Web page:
As lithography pushes to smaller and smaller features under the guidance of Moore's Law, patterned features smaller than the wavelength of light must be routinely manufactured. Lithographic yield in this domain is directly improved with the application of OPC (Optical and Process Correction) to the pattern data. Such corrections generally assume that the mask can reproduce these features exactly. The Mask Error Enhancement Factor (MEEF) serves to amplify mask errors, and can reduce the benefits of OPC in some circumstances. In this paper, we present the characterization of the MEEF for 65nm technology attenuated phase shift mask to figure out how to better set mask specs from an OPC perspective and how to measure the masks relative to these specs and try to figure out new ways to reduce model sensitivity to mask deviations for metal level.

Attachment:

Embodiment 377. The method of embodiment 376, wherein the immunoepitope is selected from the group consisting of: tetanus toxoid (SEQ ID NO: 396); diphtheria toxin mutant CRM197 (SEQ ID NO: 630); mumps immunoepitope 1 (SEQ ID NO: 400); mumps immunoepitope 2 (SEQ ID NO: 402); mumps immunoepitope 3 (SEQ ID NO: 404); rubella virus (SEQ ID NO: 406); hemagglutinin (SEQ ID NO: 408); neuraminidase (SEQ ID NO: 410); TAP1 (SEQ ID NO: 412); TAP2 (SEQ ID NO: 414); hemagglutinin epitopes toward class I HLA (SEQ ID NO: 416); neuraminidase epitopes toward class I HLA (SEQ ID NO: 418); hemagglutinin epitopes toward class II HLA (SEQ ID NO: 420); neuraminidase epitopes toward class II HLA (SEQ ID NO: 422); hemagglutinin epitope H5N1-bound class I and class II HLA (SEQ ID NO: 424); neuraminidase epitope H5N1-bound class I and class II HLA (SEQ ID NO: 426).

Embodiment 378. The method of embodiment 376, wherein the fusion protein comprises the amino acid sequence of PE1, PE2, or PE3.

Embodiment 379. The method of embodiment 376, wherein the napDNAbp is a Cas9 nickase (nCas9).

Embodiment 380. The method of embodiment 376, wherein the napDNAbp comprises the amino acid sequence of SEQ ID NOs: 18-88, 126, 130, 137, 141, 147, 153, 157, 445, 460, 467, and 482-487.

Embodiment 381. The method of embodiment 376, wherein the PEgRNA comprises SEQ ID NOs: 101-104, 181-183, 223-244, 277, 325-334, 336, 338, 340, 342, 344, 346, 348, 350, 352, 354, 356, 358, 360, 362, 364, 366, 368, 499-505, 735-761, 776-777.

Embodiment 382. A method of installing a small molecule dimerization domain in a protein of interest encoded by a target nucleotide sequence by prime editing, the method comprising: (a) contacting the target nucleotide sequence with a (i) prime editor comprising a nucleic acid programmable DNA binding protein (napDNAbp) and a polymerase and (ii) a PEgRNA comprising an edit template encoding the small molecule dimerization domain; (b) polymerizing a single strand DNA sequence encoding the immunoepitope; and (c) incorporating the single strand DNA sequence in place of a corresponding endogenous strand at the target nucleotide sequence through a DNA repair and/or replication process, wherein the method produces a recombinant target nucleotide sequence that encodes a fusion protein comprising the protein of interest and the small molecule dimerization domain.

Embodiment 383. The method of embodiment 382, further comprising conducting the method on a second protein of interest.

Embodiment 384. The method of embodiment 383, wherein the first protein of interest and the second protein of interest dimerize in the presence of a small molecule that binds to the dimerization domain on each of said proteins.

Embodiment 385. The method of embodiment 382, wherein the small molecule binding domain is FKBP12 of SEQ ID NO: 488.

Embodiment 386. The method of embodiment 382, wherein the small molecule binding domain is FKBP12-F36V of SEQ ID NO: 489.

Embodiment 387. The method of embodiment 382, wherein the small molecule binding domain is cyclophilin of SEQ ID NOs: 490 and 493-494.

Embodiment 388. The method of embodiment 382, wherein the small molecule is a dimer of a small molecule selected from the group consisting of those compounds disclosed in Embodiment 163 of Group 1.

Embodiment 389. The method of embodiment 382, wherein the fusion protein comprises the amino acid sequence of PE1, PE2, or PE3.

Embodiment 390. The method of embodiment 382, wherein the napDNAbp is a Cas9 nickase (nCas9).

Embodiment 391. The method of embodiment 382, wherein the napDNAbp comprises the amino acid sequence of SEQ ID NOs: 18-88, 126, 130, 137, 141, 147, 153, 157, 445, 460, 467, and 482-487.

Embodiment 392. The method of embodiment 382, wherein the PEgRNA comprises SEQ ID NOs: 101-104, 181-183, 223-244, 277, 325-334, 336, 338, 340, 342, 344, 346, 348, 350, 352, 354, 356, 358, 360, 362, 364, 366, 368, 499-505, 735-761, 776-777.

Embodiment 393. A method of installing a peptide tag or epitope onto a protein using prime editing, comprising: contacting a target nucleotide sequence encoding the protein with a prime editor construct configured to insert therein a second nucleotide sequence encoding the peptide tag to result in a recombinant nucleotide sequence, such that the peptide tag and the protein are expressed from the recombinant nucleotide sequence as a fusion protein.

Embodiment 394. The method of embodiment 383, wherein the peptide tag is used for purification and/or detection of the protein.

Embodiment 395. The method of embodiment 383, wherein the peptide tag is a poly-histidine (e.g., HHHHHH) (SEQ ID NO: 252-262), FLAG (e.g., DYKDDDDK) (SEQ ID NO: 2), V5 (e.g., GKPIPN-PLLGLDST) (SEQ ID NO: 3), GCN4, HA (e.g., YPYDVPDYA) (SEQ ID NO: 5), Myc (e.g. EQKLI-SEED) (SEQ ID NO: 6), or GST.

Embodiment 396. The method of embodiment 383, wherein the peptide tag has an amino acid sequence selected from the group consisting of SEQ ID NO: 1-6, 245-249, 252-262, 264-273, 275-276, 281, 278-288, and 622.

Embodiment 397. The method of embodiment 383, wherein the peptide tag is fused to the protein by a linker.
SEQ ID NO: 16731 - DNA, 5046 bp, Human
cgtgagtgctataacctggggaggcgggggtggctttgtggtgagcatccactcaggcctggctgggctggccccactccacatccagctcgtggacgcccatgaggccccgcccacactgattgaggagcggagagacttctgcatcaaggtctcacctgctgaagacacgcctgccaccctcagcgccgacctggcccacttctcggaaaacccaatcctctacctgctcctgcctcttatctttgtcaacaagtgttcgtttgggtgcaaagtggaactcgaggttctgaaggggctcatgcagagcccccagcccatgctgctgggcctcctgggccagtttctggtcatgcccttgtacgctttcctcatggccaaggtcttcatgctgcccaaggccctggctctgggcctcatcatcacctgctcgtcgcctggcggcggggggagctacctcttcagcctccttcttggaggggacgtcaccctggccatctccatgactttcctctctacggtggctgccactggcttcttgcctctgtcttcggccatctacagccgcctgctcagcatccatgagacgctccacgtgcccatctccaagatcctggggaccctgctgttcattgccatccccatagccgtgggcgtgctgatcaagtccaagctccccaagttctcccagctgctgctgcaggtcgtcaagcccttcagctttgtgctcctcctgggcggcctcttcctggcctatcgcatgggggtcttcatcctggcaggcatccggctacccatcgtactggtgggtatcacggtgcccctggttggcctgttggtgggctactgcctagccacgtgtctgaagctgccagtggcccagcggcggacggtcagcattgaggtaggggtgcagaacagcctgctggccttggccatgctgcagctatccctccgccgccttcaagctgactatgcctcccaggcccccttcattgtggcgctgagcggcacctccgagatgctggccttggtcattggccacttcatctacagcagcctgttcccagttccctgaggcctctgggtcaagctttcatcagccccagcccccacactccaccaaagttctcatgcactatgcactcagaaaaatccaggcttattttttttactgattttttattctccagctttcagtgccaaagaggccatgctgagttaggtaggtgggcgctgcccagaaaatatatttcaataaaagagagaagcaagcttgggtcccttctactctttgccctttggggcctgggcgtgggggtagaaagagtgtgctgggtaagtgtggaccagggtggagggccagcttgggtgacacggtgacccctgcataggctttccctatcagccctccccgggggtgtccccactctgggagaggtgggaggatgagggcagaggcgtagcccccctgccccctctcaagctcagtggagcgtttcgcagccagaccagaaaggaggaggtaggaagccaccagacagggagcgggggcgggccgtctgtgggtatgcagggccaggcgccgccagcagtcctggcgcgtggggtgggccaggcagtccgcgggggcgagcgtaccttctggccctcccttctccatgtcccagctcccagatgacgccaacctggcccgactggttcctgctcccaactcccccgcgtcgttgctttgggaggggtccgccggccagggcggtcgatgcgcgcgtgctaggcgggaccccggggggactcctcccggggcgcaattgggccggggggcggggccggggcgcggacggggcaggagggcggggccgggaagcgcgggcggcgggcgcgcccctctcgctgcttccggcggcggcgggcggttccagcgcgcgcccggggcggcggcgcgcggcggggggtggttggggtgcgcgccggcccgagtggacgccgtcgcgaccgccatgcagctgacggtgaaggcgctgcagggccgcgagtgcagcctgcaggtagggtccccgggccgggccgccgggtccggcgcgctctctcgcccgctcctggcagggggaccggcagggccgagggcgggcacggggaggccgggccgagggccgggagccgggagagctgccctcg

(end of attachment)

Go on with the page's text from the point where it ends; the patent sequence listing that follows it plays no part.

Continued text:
As the potentials of experimental studies are still limited, a predictive resist image simulation of Immersion lithography is very important for a better understanding of the technology. One of the most critical issues in Immersion lithography is the description of the influence of immersion which is the presence of a uniform liquid layer between the last objective lens and the photo resist, on optical lithography. It enables the real part of the index of refraction in the image space, and the numerical aperture of the projection lens, to be greater than unity. Therefore, it is virtually involves Maxwell vector solution approach, including polarization effects and arbitrary thin film multi-layers. This paper discusses the improvement in process window afforded by immersion under a variety of conditions, including 193nm and 157nm, Off-axis illumination, Attenuated Phase Shift Mask for 65nm and 45nm technology node. Comparisons with dry and liquid lithography simulations are used to evaluate the availability and the performance of the proposed approach. The implemented resist simulation approach is examined the impact to the process window of variations in liquid refractive index as well.